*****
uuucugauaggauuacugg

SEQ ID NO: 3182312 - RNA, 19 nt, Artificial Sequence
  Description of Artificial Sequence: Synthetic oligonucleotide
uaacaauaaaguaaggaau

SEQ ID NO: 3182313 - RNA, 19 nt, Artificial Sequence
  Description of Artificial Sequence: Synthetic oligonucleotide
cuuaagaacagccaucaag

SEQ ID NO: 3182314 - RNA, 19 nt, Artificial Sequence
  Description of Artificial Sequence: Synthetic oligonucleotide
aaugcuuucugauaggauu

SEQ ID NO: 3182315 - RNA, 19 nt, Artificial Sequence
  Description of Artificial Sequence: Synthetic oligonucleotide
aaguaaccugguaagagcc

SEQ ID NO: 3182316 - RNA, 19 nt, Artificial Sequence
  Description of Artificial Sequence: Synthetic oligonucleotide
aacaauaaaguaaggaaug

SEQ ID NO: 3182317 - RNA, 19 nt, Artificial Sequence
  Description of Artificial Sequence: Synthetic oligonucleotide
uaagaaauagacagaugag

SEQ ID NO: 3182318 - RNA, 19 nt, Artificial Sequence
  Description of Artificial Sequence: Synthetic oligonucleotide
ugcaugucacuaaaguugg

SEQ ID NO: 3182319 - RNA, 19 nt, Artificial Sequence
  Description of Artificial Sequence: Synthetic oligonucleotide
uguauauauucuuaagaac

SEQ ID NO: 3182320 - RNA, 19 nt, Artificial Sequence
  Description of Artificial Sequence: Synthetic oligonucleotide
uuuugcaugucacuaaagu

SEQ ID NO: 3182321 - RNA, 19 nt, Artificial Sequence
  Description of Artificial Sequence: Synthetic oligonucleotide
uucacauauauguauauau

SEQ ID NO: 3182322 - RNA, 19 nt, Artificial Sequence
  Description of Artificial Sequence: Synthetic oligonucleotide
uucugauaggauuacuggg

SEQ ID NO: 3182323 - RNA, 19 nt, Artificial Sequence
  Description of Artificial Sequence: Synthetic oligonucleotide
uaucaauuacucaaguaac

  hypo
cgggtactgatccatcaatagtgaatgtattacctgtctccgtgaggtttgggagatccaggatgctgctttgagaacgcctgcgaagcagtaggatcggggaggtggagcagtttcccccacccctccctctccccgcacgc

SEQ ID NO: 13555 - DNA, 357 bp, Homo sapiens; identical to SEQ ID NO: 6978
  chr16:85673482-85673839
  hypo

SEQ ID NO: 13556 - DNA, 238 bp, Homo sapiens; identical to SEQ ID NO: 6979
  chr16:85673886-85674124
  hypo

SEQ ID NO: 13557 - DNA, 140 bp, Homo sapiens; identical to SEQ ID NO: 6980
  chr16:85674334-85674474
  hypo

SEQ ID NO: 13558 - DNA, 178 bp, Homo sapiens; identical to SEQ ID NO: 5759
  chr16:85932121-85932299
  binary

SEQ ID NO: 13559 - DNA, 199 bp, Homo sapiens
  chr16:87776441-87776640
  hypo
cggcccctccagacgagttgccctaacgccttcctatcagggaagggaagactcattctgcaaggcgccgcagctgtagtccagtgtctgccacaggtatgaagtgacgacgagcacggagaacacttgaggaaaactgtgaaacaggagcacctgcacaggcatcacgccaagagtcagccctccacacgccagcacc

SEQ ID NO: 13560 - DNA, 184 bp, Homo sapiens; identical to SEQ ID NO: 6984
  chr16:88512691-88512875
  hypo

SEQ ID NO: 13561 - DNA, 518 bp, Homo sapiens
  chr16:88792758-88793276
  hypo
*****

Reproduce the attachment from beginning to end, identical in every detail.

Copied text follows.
uuucugauaggauuacugg

SEQ ID NO: 3182312 - RNA, 19 nt, Artificial Sequence
  Description of Artificial Sequence: Synthetic oligonucleotide
uaacaauaaaguaaggaau

SEQ ID NO: 3182313 - RNA, 19 nt, Artificial Sequence
  Description of Artificial Sequence: Synthetic oligonucleotide
cuuaagaacagccaucaag

SEQ ID NO: 3182314 - RNA, 19 nt, Artificial Sequence
  Description of Artificial Sequence: Synthetic oligonucleotide
aaugcuuucugauaggauu

SEQ ID NO: 3182315 - RNA, 19 nt, Artificial Sequence
  Description of Artificial Sequence: Synthetic oligonucleotide
aaguaaccugguaagagcc

SEQ ID NO: 3182316 - RNA, 19 nt, Artificial Sequence
  Description of Artificial Sequence: Synthetic oligonucleotide
aacaauaaaguaaggaaug

SEQ ID NO: 3182317 - RNA, 19 nt, Artificial Sequence
  Description of Artificial Sequence: Synthetic oligonucleotide
uaagaaauagacagaugag

SEQ ID NO: 3182318 - RNA, 19 nt, Artificial Sequence
  Description of Artificial Sequence: Synthetic oligonucleotide
ugcaugucacuaaaguugg

SEQ ID NO: 3182319 - RNA, 19 nt, Artificial Sequence
  Description of Artificial Sequence: Synthetic oligonucleotide
uguauauauucuuaagaac

SEQ ID NO: 3182320 - RNA, 19 nt, Artificial Sequence
  Description of Artificial Sequence: Synthetic oligonucleotide
uuuugcaugucacuaaagu

SEQ ID NO: 3182321 - RNA, 19 nt, Artificial Sequence
  Description of Artificial Sequence: Synthetic oligonucleotide
uucacauauauguauauau

SEQ ID NO: 3182322 - RNA, 19 nt, Artificial Sequence
  Description of Artificial Sequence: Synthetic oligonucleotide
uucugauaggauuacuggg

SEQ ID NO: 3182323 - RNA, 19 nt, Artificial Sequence
  Description of Artificial Sequence: Synthetic oligonucleotide
uaucaauuacucaaguaac

  hypo
cgggtactgatccatcaatagtgaatgtattacctgtctccgtgaggtttgggagatccaggatgctgctttgagaacgcctgcgaagcagtaggatcggggaggtggagcagtttcccccacccctccctctccccgcacgc

SEQ ID NO: 13555 - DNA, 357 bp, Homo sapiens; identical to SEQ ID NO: 6978
  chr16:85673482-85673839
  hypo

SEQ ID NO: 13556 - DNA, 238 bp, Homo sapiens; identical to SEQ ID NO: 6979
  chr16:85673886-85674124
  hypo

SEQ ID NO: 13557 - DNA, 140 bp, Homo sapiens; identical to SEQ ID NO: 6980
  chr16:85674334-85674474
  hypo

SEQ ID NO: 13558 - DNA, 178 bp, Homo sapiens; identical to SEQ ID NO: 5759
  chr16:85932121-85932299
  binary

SEQ ID NO: 13559 - DNA, 199 bp, Homo sapiens
  chr16:87776441-87776640
  hypo
cggcccctccagacgagttgccctaacgccttcctatcagggaagggaagactcattctgcaaggcgccgcagctgtagtccagtgtctgccacaggtatgaagtgacgacgagcacggagaacacttgaggaaaactgtgaaacaggagcacctgcacaggcatcacgccaagagtcagccctccacacgccagcacc

SEQ ID NO: 13560 - DNA, 184 bp, Homo sapiens; identical to SEQ ID NO: 6984
  chr16:88512691-88512875
  hypo

SEQ ID NO: 13561 - DNA, 518 bp, Homo sapiens
  chr16:88792758-88793276
  hypo